On the opposite end of the spectrum, you will want a drum dampening gel that doesn’t leave residue.
Although most claim that they do not leave any on the packaging, if stored wrongly or in stores where the temperature surges, you might end up with a ball of sticky gel that is too disgusting to handle.
I find that buying straight from the manufacturer or from Amazon is much safer.
Or, look for stores that sell their drum dampening gels fast.
Best Weight Based Accessory for Drum Dampening
The Drum Clip
A card holder, wallet, or loaded box of cigarette may work as a free alternative to this.
The drum clip won my heart in this category because:
- it is relatively fool-proof,
- can be used on both batter and resonant drum heads at the same time,
- pocket-sized (means its easy to carry around), and
- it comes with a 100% lifetime warranty against manufacturer’s defects too.
All you need to do is to clip it to the edge of your drum and you are good to go.
This means you can take it with you and use it on any drum kit and then remove it once you are done drumming.! Oh, the convenience~
However, do note that the drum clip comes in 2 sizes. Each sold separately.
- Small size is suitable for drums 12 inches or smaller.
- Regular size is suitable for drums 12 inches or larger.
They have released a version for the bass drum recently too.
P.S. Check the dimension of your drum rim before purchasing this!
Best O-Ring for Drum Dampening
Ok. I lied.
There isn’t a ring to rule them all. (when it comes to drum dampening at least)
It really depends on the sound of your drum and how much you’d need to dampen. You’ll need to experiment with different o-rings for a suitable sound.
However, I’ve found that these are sufficient for my needs:
Remo Tone Control Ring Pack
After being spoiled for choice, I decided to use the RemO Tone Control Ring Pack because it provided a versatile dampening option, with its range of common drum head sizes.
Most drummers claim that it works better on toms compared to the snares, and I’ve found that to be true too. However, that won’t affect you much if you are already using dampening gels on your snares.
The Remo control rings are about 0.1 inch thick and they can cut out most of the ringing.
NOTE: some have mentioned that the RemOs cut out too much ringing for their liking. Considering looking for a retailer who lets you test out your options. (i wish you luck >.<)
Best Felt Strip for Drum Dampening
Gibraltar Felt Strips
Like the o-rings, felt strips should be chosen based on the amount of dampening you wish to do to your drum.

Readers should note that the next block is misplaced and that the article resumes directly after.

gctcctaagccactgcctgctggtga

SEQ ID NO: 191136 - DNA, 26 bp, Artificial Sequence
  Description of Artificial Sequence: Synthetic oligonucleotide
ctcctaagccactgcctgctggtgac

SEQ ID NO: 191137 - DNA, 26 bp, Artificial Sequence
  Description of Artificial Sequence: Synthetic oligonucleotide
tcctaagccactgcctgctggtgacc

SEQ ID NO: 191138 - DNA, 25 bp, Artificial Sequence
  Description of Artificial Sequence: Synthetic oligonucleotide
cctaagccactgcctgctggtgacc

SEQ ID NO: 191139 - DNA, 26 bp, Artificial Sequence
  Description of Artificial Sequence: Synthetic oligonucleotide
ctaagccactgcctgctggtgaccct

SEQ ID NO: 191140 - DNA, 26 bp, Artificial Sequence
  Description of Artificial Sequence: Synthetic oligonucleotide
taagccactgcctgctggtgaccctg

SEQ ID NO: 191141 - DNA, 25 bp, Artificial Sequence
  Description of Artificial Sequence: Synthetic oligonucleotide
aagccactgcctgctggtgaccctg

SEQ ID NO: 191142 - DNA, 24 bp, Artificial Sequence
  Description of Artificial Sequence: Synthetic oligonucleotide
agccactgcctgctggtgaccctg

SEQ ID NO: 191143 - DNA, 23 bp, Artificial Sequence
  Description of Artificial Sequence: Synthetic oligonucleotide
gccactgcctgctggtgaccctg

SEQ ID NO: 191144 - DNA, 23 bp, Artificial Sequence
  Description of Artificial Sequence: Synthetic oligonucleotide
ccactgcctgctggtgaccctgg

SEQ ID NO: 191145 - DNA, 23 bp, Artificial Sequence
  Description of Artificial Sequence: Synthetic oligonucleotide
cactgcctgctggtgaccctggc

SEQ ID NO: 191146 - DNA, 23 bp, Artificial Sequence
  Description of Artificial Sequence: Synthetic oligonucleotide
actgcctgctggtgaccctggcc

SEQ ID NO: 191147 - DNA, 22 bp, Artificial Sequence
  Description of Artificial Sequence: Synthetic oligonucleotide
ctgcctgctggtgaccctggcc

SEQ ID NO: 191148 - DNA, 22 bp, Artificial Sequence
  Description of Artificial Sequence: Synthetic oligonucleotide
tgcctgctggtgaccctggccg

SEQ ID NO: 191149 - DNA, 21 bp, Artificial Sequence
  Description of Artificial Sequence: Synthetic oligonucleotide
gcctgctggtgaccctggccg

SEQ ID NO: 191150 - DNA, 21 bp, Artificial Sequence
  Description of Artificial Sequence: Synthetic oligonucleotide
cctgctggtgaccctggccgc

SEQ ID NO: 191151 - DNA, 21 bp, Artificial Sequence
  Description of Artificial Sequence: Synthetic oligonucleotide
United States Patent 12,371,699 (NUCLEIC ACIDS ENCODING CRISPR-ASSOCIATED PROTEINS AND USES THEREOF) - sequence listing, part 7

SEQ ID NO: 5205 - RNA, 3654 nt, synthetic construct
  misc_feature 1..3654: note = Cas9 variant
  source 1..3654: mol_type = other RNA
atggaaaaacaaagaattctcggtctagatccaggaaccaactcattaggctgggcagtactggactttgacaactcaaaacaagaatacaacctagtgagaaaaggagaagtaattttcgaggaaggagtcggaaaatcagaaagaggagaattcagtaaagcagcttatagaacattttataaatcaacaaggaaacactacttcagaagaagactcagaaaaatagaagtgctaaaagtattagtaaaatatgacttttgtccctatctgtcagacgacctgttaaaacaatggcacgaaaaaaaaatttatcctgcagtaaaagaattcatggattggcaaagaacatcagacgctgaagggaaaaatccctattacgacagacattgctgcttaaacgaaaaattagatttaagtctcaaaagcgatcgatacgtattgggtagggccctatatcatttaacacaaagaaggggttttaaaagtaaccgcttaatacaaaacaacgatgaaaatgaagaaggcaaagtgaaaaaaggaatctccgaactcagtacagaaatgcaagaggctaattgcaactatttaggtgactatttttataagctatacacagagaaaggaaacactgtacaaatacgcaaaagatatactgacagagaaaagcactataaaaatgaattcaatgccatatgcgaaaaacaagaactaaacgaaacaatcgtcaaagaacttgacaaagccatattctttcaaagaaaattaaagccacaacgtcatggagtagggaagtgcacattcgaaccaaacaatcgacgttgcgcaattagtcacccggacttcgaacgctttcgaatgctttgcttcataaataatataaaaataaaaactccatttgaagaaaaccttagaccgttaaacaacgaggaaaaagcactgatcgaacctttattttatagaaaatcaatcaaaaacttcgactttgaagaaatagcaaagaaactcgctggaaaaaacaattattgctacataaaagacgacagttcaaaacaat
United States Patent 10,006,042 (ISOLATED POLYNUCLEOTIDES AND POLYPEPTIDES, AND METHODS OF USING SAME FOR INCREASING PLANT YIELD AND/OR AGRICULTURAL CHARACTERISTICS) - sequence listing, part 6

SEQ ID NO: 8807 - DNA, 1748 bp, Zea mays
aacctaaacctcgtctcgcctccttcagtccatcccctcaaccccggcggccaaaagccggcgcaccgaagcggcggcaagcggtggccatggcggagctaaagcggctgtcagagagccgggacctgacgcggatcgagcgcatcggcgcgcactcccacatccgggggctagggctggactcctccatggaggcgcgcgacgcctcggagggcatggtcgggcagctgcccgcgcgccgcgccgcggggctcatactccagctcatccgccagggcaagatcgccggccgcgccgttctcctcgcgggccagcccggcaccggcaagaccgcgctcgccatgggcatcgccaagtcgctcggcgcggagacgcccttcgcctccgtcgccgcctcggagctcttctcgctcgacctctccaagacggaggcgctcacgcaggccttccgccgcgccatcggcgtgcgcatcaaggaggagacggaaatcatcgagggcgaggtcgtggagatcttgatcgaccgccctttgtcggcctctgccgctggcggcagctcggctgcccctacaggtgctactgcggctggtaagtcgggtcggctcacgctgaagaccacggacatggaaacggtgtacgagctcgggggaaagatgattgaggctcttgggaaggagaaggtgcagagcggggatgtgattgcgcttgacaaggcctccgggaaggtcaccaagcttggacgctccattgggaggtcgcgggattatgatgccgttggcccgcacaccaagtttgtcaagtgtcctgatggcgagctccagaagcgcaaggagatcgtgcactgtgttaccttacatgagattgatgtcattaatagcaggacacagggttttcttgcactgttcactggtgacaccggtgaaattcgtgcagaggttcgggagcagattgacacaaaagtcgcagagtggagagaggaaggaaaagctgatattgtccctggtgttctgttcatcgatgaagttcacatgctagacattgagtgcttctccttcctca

You can play around with the width of felt strip for varying levels of drum dampening.
Place it about 1/3 to the edge of your drum, away from where you or the kick pedal hits.
Felt strips can be purchased from art stores or even hardware stores. Alternatively, you can use old pieces of cloth that extends across the length of your drum.
There really isn’t much differences.
The Gibraltar felt strips won this category because of its cost efficiency.
Check with your local music store if you want more options, or need help selecting one.
2) Getting the right drum heads
There are 2 types of drum heads to consider:
- Batter drum heads: The side you drum on.
- Resonant drum heads: The opposite side of your drum
I’ve compared the differences between the batter and resonant drum heads previously. Read that if you are confused with the terms or purposes.
When it comes to dampening, it is known that single ply drum heads are more resonant than double or triple ply drum heads.
If you prefer your drum kit to sound less resonant on the whole, you might want to choose a double ply drum head. Triple ply drum heads might be an overkill.
3) Drum heads that come with built-in dampening systems or sound control systems
Major drum head manufacturers are offering drum heads with built-in dampening systems like:
- control rings,
- control dots,
- inlay rings
I won’t be covering much about such drum heads as these are suited only for a very niche group of drummers, nor are they a versatile option.
These are only useful if there is specific type of sound you want from your drums – for example: low, flat sounding drums, or drums that emphasis sound of specific frequencies.
Plus, these might only be useful if you only play at a fixed location.
If you are constantly moving around with your drum kit, these may end up restricting your drum sounds.
You can check out the various options here, if you are interested.
How to choose a suitable drum dampeners for your needs?
Before you select a drum dampening solution, these 2 questions might help:
1) Do I need to dampen my drums on the fly?
Do you drum at live sessions regularly or do you usually drum at home for your own entertainment?
If you travel around and drum at live sessions or even jam sessions, go for a drum dampening accessory. Preferably something small, pocket-sized and light that you can carry along with your drum key or drum tuner.
If you play the drums at home, or are setting up your drum kit in a fixed location, you might want to consider getting an appropriate drum head for indoor playing.
That way, you can set up it once and have your drum dampening system settled.
2) What is your budget?
Having a budget will always provide a good starting point.
Drum dampening tools are more affordable than purchasing new drum heads.
Learning to tune your drums properly really help to reduce a great deal of ringing and undesired sounds too.